To which I answer, that this can be no objection against the sufficiency of these marks to distinguish the true from the false spirit, in those false apostles and prophets, in whom the devil was transformed into an angel of light, because it is principally with a view to them that the apostle gives these marks ; as appears by the words of the text, “ Believe not every spirit, but try the spirits, whether they are of God;" and this is the reason he gives, because many false prophets are gone out into the world : viz., " There are many gone out into the world who are the ministers of the devil, who transform themselves into the prophets of God, in whom the spirit of the devil is transformed into an angel of light; therefore try the spirits by these rules that I shall give you, that you may be able to distinguish the true spirit from the false, under such a crafty disguise.” Those false prophets the apostle John speaks of, are doubtless the same sort of men with those false apostles, and deceitful workers, that the Apostle Paul speaks of, in whom the devil was transformed into an angel of light: and therefore we may be sure that these marks are especially adapted to distinguish between the true Spirit, and the devil transformed into an angel of light, because they are given especially for that end ; that is the apostle's declared purpose and design, to give marks by which the true Spirit may be distinguished from that sort of counterfeits.
And if we look over what is said about these false prophets, and false apostles (as there is much said about them in the New Testament), and take notice in what manner the devil was transformed into an angel of light in them, we shall not find any thing that in the least injures the sufficiency of these marks to distinguish the true Spirit from such counterfeits. The devil transformed himself into an angel of light, as there was in them a show, and great boast, of extraordinary knowledge in divine things, Col. ii. 8, 1 Tim. i. 6, 7, and chap. vi. 3–5, 2 Tim. ii. 14—18, Tit. i. 10, 16. Hence their followers called themselves Gnostics, from their great pretended knowledge: and the devil in them mimicked the miraculous gifts of the Holy Spirit, in visions, revelations, prophecies, miracles, &c. Hence they are called false apostles, and false prophets : see Matt. xxiv. 24. Again, there was a false show of, and lying pretensions to, great holiness and devotion in words, Rom. xvi. 17, 18, Ephes. iv. 14. Hence they are called deceitful workers, and wells and clouds without water, 2 Cor. xi 13, 2 Pet. ï. 17, Jude 12. There was also in them a show of extraordinary piety and righteousness in their superstitious worship, Col. ii. 16— 23. So they had a false, proud, and bitter zeal, Gal. iv. 17, 18, 1 Tim. i. 6, and chap. vi. 4,5. And likewise a false show of humility, in affecting an extraordinary outward meanness and dejection, when indeed they were “ vainly Vol. I.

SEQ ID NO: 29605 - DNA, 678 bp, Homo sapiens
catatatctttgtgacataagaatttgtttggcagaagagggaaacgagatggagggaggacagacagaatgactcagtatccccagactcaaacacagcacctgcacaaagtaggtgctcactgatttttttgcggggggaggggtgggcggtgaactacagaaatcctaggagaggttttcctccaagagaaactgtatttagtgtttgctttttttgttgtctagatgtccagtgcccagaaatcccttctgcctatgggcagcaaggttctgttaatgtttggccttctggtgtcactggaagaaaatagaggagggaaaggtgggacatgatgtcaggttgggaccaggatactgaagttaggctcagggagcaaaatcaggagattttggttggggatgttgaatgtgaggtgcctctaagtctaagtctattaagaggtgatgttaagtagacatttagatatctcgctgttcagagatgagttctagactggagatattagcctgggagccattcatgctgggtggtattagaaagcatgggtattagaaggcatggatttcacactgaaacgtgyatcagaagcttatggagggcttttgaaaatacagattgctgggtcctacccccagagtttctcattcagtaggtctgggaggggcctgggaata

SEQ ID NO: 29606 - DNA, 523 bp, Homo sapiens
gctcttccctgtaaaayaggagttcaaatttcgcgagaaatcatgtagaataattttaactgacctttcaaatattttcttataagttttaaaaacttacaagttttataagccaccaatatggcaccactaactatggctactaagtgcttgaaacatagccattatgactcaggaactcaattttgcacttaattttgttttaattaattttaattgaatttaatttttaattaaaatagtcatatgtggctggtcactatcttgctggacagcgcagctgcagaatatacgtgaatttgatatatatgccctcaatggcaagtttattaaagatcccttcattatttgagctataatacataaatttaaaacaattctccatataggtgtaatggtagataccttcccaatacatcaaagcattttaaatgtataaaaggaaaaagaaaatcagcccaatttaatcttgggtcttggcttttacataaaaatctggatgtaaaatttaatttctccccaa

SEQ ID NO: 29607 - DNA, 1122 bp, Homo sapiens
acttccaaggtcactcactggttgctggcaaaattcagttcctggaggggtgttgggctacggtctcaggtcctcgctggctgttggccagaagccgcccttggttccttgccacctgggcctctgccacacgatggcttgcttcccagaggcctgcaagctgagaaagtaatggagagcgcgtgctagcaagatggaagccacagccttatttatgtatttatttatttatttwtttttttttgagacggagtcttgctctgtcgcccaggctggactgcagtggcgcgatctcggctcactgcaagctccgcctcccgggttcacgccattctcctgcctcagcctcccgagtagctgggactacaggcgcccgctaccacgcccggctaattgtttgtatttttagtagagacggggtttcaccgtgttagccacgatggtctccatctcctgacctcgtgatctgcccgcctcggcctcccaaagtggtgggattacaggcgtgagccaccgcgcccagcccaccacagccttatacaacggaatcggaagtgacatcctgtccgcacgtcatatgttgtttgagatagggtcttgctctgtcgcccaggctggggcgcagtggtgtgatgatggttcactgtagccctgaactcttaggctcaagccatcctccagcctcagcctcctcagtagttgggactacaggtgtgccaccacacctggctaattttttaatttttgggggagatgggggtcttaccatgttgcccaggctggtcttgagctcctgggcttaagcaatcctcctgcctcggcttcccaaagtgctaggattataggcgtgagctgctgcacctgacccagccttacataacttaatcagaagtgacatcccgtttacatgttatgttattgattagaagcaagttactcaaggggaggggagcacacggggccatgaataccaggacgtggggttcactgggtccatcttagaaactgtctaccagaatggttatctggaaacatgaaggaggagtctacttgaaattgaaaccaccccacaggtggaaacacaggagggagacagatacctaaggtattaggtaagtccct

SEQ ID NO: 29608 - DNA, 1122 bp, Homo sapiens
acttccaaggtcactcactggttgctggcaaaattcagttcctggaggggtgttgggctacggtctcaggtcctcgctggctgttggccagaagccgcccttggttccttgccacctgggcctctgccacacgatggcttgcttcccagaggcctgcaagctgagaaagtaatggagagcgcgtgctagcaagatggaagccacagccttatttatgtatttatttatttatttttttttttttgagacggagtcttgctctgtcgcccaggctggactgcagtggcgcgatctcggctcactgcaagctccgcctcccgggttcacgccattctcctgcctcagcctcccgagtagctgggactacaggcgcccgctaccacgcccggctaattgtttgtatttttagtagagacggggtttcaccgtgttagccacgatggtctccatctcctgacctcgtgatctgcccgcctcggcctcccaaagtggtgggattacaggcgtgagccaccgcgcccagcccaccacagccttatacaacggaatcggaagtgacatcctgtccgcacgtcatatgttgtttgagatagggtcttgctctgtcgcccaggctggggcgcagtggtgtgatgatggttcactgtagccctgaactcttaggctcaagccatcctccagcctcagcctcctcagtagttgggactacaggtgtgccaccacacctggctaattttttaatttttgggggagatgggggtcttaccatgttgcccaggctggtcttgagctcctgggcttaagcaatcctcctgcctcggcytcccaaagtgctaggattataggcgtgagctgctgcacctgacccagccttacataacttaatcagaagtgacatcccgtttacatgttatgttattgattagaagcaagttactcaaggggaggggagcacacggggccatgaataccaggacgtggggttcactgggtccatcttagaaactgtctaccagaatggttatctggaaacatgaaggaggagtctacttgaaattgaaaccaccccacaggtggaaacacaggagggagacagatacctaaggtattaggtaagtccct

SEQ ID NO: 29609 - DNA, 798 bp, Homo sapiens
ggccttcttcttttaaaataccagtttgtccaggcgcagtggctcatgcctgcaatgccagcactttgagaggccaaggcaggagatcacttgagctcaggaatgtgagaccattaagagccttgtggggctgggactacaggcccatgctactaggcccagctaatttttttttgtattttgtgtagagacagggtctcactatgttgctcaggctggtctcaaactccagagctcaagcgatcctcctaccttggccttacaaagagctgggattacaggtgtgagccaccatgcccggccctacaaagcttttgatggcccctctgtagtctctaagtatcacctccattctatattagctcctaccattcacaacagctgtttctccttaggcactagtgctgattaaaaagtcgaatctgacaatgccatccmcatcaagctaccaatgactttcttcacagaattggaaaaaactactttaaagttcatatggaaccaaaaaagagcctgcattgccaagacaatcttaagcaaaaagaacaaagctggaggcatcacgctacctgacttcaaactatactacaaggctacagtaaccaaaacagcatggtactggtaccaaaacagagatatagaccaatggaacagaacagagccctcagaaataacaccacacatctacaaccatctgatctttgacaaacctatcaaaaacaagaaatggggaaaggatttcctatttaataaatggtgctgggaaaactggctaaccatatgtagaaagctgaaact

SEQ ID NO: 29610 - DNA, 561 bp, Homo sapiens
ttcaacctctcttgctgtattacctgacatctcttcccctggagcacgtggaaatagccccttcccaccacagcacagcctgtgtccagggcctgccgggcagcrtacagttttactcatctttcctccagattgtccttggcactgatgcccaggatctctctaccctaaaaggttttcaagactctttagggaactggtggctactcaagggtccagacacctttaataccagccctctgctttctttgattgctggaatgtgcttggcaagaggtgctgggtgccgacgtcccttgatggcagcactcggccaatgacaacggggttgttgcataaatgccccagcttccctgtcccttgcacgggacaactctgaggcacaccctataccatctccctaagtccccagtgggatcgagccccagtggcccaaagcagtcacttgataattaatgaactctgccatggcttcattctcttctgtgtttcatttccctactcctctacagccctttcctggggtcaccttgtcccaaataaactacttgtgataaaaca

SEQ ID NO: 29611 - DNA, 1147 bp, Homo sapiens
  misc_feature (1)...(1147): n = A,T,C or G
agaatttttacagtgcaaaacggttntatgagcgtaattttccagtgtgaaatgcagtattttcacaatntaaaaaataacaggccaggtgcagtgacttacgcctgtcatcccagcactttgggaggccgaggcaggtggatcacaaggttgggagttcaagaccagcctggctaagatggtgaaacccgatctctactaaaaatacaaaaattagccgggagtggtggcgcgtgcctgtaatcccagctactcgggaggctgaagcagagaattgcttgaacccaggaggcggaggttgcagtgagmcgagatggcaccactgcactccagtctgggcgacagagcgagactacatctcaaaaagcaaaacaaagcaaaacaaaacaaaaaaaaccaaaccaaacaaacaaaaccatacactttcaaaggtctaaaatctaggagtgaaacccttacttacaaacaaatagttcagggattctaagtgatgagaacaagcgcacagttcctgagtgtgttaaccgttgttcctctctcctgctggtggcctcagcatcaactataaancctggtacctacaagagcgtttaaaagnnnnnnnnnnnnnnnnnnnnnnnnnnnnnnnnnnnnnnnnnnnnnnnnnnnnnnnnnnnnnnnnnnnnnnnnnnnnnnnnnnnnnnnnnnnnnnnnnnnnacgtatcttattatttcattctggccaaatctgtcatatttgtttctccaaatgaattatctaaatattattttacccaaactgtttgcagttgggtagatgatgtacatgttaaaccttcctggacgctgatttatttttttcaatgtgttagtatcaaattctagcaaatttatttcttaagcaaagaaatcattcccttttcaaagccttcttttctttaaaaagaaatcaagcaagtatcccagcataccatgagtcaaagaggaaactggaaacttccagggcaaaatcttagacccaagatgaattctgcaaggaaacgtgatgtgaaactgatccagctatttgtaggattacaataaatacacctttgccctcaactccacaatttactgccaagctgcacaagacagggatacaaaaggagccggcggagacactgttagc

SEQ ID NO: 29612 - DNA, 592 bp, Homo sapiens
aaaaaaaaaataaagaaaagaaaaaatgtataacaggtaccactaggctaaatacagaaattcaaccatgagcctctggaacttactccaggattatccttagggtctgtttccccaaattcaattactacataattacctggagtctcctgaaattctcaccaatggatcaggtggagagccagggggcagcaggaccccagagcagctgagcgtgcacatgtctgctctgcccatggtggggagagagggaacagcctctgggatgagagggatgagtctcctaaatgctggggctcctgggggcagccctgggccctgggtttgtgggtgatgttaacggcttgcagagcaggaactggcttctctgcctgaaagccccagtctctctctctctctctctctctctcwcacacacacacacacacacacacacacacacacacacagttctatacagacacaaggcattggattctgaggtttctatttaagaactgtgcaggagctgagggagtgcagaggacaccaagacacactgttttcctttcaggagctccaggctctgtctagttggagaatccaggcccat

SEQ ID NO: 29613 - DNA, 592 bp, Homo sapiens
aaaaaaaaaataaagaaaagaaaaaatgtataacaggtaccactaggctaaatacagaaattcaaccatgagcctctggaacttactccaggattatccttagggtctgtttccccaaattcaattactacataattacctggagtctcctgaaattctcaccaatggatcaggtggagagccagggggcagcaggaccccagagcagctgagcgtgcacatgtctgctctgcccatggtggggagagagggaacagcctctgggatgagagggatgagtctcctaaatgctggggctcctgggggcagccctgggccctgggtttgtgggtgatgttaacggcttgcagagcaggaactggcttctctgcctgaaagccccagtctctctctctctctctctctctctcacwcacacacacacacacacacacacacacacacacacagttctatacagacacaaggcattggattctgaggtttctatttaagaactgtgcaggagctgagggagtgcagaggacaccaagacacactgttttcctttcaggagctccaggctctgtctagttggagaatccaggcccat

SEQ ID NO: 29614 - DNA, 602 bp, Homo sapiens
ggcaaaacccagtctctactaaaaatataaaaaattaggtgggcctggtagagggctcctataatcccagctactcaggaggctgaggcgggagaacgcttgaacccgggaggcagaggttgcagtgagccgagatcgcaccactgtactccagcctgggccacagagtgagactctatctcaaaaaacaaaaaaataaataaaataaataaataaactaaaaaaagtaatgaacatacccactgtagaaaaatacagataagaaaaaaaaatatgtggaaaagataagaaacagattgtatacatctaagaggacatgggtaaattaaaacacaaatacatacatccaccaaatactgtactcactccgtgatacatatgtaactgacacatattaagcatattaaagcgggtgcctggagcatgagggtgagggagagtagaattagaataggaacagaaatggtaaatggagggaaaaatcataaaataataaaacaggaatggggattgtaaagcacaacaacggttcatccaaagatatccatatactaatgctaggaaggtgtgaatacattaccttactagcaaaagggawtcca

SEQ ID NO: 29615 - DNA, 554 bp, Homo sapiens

puffed up in their fleshly mind :” and made a righteousness of their humility, and were exceedingly lifted up with their eminent piety, Col. ii. 18, 23. But how do such things as these in the least injure those things that have been mentioned as the distinguishing evidences of the true Spirit ?-Besides such vain shows which may be from the devil, there are common influences of the Spirit, which are often mistaken for saving grace; but these are out of the question, because though they are not saving, yet are the work of the true Spirit.
Having thus fulfilled what I first proposed, in considering what are the certain, distinguishing marks, by which we may safely proceed in judging of any work that falls under our observation, whether it be the work of the Spirit of God or no; I now proceed to the APPLICATION.
1. From what has been said, I will venture to draw this inference, viz., that the extraordinary influence that has lately appeared causing an uncommon concern and engagedness of mind about the things of religion, is undoubtedly, in the general, from the Spirit of God. There are but two things that need to be known in order to such a work's being judged of, viz., facts and rules. The rules of the word of God we have had laid before us; and as to facts, there are but two ways that we can come at them, so as to be in a capacity to compare them with the rules, either by our own observation, or by information from others who have had opportunity to observe them.
As to this work, there are many things concerning it that are notorious, and which, unless the apostle John was out in his rules, are sufficient to determine it to be in general the work of God. The Spirit that is at work, takes off persons' minds from the vanities of the world, and engages them in a deep concern about eternal happiness, and puts them upon earnestly seeking their salvation, and convinces them of the dreadfulness of sin, and of their own guilty and miserable state as they are by nature. It awakens men's consciences, and makes them sensible of the dreadfulness of God's anger, and causes in them a great desire and earnest care and endeavor to obtain his favor. It puts them upon a more diligent improvement of the means of grace which God has appointed; accompanied with a greater regard to the word of God, a desire of hearing and reading it, and of being more conversant with it than they used to be. And it is notoriously manifest, that the spirit that is at work, in general, operates as a spirit of truth, making persons more sensible of what is really true in those things that concern their eternal salvation : as, that they must die, and that life is very short and uncertain ; that there is a great sin-hating God, to whom they are accountable, and who will fix them in an eternal state in another world ; and that they stand in great need of a Saviour. It makes persons more sensible of the value of Jesus who was crucified, and their need of him; and that it puts them upon earnestly seeking an interest in him. It cannot be but that these things should be apparent to people in general through the land; for these things are not done in a corner; the work has not been confined to a few towns, in some remoter parts, but has been carried on in many places all over the land, and in most of the principal, the populous, and public places in it. Christ in this respect has wrought amongst us, in the same manner that he wrought his miracles in Judea. It has now been continued for a considerable time; so that there has